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Financial fails on climate action, more risk tools and carbon market volatility continues

Dollar bills.

In this week’s roundup, we explore the latest news to affect investment trends and perspectives in the climate and sustainability space.

The financial sector continues to fall short on climate

There is continuing concern about the extent to which financial institutions climate goals actually support effective net zero transmission.  The Institute for Energy Economics and Financial affairs (IEEFA) has issued a report highlighting that the majority of the Royal Bank of Canada’s financed emissions are not being covered under the banks net zero plans. Given that financed emissions, and the ability of climate negative projects, are the majority of the financial services contribution to climate change, that’s a problem. The report says that RBC’s climate and sustainable finance program fails to address ending fossil fuel expansion and excludes significant segments of its business from climate targets.

Adding fuel to the fire was the latest research from Morningstar, which showed that only eight asset managers had actually achieved ‘leader’ status in the latest issue of its ESG Commitment Level Landscape assessment. According to the assessment, ESG issues such as climate change have become more prominent over the last few years. As a result, investors increasingly expect asset managers to minimise these risks to their portfolios and address the impact of their investments on society and the planet.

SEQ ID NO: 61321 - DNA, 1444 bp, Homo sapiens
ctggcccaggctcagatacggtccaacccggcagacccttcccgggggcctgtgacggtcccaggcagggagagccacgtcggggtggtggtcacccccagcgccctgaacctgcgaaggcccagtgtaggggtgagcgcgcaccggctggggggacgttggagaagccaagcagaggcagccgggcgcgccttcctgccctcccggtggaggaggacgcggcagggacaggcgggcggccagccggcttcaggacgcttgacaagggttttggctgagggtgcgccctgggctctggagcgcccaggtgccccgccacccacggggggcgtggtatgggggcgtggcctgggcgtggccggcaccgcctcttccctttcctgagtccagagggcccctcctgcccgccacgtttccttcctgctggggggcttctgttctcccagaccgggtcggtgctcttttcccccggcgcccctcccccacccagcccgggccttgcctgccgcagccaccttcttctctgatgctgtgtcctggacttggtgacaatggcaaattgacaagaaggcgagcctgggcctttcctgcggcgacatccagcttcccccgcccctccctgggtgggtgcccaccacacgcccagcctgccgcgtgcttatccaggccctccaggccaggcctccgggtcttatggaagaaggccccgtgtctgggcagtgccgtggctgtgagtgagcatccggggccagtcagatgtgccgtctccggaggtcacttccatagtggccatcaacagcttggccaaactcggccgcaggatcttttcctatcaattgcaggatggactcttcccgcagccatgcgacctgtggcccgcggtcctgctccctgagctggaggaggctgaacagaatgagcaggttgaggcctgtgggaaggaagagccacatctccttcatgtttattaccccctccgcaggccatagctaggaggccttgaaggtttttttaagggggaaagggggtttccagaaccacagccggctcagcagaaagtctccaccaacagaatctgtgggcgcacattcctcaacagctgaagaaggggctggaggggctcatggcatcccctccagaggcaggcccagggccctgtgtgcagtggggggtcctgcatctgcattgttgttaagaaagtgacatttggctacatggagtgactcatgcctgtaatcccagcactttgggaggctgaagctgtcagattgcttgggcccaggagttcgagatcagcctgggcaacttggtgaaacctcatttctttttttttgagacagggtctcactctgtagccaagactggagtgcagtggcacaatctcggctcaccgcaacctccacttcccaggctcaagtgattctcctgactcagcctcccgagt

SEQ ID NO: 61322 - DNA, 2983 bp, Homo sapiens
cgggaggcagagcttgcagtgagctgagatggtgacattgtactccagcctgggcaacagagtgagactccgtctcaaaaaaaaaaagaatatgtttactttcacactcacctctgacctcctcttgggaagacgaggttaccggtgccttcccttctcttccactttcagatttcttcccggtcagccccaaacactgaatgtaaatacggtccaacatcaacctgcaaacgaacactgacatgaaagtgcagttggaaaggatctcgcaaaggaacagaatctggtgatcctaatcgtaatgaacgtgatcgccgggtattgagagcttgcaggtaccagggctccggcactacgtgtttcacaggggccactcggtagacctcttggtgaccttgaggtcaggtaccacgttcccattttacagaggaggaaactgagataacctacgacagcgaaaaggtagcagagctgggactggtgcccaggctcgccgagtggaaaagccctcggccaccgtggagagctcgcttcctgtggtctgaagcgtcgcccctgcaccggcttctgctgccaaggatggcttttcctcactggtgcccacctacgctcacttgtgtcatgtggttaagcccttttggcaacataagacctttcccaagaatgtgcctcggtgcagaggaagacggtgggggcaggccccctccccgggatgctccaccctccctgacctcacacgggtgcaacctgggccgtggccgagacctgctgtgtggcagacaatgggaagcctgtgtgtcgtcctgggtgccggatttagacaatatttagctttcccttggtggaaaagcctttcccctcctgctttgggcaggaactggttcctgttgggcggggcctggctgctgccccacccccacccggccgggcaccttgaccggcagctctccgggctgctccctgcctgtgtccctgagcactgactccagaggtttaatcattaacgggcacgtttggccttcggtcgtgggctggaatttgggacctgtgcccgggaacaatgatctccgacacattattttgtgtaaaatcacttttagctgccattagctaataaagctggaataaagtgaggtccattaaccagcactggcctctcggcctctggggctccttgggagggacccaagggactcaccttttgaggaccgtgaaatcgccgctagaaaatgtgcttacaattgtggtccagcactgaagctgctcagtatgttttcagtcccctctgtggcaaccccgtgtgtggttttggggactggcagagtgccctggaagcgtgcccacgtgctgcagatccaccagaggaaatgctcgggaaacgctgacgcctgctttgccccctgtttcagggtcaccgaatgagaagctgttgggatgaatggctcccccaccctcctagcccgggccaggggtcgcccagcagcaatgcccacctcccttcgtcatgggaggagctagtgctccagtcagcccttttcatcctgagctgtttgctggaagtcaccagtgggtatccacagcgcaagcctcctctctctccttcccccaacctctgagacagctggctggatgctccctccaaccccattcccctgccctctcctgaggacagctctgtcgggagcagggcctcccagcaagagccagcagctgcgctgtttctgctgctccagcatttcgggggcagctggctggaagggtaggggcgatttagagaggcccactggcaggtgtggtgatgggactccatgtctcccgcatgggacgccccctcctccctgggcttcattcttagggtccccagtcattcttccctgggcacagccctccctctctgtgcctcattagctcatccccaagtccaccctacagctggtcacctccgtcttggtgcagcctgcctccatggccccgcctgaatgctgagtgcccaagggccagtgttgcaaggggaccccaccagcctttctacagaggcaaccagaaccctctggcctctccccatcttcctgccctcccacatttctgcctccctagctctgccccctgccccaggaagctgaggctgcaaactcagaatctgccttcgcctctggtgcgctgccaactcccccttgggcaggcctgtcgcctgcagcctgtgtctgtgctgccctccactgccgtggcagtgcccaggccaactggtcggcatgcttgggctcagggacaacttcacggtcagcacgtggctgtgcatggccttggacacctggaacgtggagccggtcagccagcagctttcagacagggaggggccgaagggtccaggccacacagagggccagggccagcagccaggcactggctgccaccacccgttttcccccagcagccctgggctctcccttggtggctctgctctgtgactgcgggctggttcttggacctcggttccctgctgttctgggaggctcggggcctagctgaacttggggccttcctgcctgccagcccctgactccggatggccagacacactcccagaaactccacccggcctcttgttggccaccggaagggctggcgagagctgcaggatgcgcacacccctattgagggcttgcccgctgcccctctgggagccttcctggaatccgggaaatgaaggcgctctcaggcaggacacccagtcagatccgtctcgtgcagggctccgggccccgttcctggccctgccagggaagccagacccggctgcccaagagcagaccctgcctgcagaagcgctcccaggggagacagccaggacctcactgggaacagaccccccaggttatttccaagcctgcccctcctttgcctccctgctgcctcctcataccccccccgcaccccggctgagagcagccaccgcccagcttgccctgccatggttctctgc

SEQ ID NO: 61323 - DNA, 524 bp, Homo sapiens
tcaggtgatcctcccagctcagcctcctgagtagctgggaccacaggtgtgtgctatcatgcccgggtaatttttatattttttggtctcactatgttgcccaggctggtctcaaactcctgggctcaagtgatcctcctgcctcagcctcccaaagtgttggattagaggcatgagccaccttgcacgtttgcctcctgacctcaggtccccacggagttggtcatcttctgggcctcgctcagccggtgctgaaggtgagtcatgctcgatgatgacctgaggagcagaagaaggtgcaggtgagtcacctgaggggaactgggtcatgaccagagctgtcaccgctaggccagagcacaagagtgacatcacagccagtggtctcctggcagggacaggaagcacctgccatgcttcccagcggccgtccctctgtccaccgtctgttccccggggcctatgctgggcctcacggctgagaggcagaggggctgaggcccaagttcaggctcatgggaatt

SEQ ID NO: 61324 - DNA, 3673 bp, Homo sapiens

While Affirmative Investment Management, Australian Ethical, Boston Trust Walden, Domini, Impax, Parnassus, Robeco and Stewart Investor all scored highly, 21 scored advanced, 48 firms achieved basic but 31 remained with a low score.

Climate risk and its management attract financial and corporate interest

MSCI Inc. (NYSE: MSCI) announced an expansion of its partnership with Google Cloud to accelerate the development of generative AI (gen AI) solutions for the investment industry. Powered by Google Cloud’s gen AI platform Vertex AI and climate technology, including BigQuery Geospatial and Earth Engine, the solutions will help MSCI clients better manage portfolio risks and opportunities and make informed investment decisions. The new solution is expected to help with identifying risk signals, conversational AI to help clients get the responses they want and what MSCI and Google call ‘generative climate AI’.

That means leveraging Google’s AI experience to help investors measure and manage portfolio exposure to climate risk and identify low carbon investment opportunities. With these advanced AI technologies, MSCI will make it easier for investors to identify, synthesize, and communicate the broad range of climate exposures across asset classes.

Google has also launched three new APIs make it easy for developers to map solar, air quality and pollen information, from the Google Maps Platform. According to Yael Maguire, vice president and general manager, geo sustainability at Google these products apply AI and machine learning, along with aerial imagery and environmental data, to provide up-to-date information about solar potential, air quality and pollen levels. With this technology, developers, businesses and organizations can build tools that map and mitigate environmental impact.

The deployment of actionable transparent standards and traceability continues

A group of investors with over $1 trillion in AUM, convened by ShareAction’s Workforce Disclosure Initiative, are urging the ISSB to develop new standards for disclosure on human capital and human rights behaviour in its 2024 update.